How to Win the Lottery

A lottery is a form of gambling in which participants pay a small sum for a chance to win a much larger prize. The money raised is used for a variety of purposes, such as public works and social welfare programs. While lotteries are often criticized for being addictive forms of gambling, they can be helpful for those in need of a financial boost. Some people also find the thrill of winning a jackpot to be an incredibly exciting experience. However, there are a few things to keep in mind before buying a ticket.

The first recorded evidence of a lottery comes from the Chinese Han Dynasty, with references to “keno slips” and the drawing of lots appearing in documents from 205 to 187 BC. In fact, the concept of lotteries can be traced back to prehistoric times, as people drew lots for cattle herds, land ownership, and other important possessions. By the seventeenth century, state-sanctioned lotteries became a popular way to raise funds for important projects.

In 1612, King James I of England created a lottery to fund the first permanent British settlement in America. After that, various states adopted lotteries to provide money for towns, wars, and other public projects without raising taxes.

Today, 44 states and the District of Columbia run lotteries. The six that don’t—Alabama, Hawaii, Mississippi, Utah, and Nevada—don’t allow them for religious reasons or because they’re already flush with cash from gambling revenues.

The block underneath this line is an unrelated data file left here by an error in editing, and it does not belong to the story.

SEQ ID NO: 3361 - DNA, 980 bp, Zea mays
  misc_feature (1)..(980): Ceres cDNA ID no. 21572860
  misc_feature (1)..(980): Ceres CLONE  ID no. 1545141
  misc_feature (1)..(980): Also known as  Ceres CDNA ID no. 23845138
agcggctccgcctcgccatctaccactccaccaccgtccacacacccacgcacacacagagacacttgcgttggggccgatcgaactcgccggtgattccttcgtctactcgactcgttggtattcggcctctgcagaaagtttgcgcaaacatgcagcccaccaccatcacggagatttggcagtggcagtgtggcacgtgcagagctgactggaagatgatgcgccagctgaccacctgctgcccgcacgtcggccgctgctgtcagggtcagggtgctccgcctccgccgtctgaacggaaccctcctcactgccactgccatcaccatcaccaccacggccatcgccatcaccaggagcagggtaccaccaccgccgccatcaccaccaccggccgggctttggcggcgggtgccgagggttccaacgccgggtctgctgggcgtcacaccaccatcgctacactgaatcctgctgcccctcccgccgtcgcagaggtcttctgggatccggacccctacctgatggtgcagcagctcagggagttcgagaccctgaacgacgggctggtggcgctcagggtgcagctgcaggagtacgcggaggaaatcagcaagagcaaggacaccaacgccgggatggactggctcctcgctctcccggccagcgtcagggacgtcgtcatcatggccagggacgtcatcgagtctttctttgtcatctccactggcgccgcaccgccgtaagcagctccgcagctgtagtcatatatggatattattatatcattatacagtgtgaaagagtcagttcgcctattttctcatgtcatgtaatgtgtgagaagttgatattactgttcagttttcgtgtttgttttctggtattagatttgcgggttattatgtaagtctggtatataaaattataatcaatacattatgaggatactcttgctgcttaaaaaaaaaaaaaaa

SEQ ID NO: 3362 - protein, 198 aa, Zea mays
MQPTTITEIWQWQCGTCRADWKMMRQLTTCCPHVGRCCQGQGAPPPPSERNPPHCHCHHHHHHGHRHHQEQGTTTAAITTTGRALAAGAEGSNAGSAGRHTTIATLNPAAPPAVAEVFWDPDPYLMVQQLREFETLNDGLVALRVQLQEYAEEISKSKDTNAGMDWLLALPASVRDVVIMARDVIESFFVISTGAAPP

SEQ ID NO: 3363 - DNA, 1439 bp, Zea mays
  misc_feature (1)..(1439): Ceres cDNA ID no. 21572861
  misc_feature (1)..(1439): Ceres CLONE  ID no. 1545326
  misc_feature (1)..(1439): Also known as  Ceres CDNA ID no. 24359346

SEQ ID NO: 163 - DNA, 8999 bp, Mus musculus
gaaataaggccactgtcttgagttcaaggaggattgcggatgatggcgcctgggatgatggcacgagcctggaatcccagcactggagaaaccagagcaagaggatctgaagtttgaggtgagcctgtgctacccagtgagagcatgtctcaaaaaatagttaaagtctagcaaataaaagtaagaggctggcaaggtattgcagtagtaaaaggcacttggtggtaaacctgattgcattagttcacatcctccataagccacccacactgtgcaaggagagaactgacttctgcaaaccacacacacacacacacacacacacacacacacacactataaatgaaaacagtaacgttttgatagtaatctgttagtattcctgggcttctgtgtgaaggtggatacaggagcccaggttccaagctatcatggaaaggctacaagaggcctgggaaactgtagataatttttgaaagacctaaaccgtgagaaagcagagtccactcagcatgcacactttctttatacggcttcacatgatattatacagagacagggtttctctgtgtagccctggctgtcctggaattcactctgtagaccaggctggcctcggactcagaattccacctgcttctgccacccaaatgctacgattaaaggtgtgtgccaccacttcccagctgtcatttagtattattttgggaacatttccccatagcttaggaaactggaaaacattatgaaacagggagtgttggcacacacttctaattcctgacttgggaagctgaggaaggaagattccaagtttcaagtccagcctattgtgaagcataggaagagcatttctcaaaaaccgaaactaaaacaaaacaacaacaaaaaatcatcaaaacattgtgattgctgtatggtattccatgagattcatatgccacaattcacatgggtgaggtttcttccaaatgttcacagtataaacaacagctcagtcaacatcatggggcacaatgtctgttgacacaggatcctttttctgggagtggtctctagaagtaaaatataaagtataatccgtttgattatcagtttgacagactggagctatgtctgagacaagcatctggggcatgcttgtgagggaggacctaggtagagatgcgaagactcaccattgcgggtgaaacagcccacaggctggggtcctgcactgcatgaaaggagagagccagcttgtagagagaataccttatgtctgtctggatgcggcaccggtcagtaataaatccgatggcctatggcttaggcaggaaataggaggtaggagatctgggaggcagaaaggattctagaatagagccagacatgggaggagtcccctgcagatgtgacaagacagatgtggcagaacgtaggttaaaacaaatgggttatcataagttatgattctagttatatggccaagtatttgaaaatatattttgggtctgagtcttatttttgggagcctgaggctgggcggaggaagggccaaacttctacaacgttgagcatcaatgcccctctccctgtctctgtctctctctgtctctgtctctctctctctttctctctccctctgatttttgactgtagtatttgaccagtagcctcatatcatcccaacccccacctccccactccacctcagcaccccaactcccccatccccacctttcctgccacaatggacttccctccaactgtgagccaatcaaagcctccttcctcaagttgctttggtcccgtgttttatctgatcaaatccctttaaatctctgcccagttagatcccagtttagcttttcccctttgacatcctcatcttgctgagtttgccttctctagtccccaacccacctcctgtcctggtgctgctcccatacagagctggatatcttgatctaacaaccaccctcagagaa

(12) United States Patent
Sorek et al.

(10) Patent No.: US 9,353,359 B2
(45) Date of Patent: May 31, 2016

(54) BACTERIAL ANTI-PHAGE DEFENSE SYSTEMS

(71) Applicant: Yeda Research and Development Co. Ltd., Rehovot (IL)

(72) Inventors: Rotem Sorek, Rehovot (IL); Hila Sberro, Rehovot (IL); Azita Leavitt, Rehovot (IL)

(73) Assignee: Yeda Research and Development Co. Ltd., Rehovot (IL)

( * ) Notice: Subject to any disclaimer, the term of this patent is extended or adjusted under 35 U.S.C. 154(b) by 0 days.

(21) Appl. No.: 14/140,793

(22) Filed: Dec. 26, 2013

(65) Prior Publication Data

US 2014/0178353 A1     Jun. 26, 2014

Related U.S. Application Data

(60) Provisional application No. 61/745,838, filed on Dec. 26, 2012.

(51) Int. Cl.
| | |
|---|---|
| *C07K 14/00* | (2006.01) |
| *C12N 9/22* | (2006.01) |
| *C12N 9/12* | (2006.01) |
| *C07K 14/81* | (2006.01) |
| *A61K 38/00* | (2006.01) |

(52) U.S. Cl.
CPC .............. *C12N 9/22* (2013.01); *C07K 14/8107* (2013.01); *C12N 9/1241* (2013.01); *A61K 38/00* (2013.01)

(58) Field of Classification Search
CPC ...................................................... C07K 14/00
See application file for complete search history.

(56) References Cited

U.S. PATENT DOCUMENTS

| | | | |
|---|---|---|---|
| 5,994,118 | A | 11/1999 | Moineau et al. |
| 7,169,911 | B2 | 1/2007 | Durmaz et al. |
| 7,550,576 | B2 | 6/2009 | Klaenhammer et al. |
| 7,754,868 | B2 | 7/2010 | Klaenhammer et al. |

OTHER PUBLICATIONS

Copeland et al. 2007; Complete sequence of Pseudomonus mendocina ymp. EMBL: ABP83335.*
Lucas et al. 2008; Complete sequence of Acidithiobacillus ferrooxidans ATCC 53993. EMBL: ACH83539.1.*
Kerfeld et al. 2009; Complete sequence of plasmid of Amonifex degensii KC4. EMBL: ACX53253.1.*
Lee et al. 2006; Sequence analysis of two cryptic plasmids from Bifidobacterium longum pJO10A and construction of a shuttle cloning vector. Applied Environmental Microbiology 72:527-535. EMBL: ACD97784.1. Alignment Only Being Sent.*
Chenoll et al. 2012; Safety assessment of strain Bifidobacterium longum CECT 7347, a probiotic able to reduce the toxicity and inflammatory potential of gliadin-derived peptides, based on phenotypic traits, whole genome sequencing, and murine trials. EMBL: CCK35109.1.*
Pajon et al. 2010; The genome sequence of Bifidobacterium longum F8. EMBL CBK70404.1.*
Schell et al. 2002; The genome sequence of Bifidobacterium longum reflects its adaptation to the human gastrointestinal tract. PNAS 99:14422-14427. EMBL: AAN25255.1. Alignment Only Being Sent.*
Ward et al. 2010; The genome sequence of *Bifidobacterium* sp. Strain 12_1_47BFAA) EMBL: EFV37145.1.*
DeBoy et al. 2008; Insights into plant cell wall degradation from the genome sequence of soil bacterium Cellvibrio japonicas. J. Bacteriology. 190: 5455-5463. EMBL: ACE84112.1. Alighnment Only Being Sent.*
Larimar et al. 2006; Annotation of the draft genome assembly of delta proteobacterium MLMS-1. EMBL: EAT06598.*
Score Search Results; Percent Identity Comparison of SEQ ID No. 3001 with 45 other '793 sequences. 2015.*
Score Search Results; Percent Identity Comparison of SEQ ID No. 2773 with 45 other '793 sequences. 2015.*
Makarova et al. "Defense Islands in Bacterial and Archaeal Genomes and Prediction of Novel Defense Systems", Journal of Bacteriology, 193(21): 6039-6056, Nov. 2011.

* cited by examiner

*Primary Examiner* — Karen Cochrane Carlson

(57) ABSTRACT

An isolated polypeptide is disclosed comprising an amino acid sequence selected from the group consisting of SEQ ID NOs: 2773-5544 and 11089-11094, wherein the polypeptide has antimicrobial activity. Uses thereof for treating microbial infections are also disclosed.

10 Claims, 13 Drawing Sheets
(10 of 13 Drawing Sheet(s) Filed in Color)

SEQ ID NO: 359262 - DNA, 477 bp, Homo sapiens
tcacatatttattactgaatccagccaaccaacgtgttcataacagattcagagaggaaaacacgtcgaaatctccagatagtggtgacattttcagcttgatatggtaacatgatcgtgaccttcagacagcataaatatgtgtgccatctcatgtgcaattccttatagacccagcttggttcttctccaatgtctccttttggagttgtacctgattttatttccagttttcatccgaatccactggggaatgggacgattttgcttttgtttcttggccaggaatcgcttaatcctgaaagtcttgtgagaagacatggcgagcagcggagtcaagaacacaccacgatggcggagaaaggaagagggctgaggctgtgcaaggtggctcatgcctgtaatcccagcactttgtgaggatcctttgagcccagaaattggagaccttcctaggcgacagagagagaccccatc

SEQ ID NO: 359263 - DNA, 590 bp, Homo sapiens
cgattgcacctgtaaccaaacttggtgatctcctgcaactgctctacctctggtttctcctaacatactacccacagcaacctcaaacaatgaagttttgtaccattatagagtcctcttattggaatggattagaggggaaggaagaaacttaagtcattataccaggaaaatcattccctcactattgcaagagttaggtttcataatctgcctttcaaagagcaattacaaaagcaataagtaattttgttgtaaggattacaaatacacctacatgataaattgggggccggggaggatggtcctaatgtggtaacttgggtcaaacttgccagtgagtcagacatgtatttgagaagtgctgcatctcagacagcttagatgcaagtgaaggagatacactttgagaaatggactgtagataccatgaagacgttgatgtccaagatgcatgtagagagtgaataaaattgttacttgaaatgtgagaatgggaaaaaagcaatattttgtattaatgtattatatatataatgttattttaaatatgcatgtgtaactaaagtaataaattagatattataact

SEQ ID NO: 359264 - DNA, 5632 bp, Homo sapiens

Some states limit the number of tickets each person can buy. Others, like California, have no limits at all. The average price of a lottery ticket is about $1.

While some critics argue that lotteries are addictive and can lead to debt, many state governments use the money they raise to fund social services and other government needs. In addition, most people who play the lottery do so to help those in need.

Although there is no one-size-fits-all approach to playing the lottery, experts suggest following these tips to increase your chances of success. First, choose your numbers carefully. Generally, it is not a good idea to select the same numbers that you have in your personal life, such as birthdays or anniversaries. Instead, opt for numbers that have been winners in the past.

Another tip is to look for singletons on the ticket. Singletons are numbers that appear only once on the ticket, and they can signal a winner more than 60% of the time. Lastly, you should know that the odds of winning are less than 1 in 1,000,000,000. So, you should only purchase tickets if you can afford to lose them.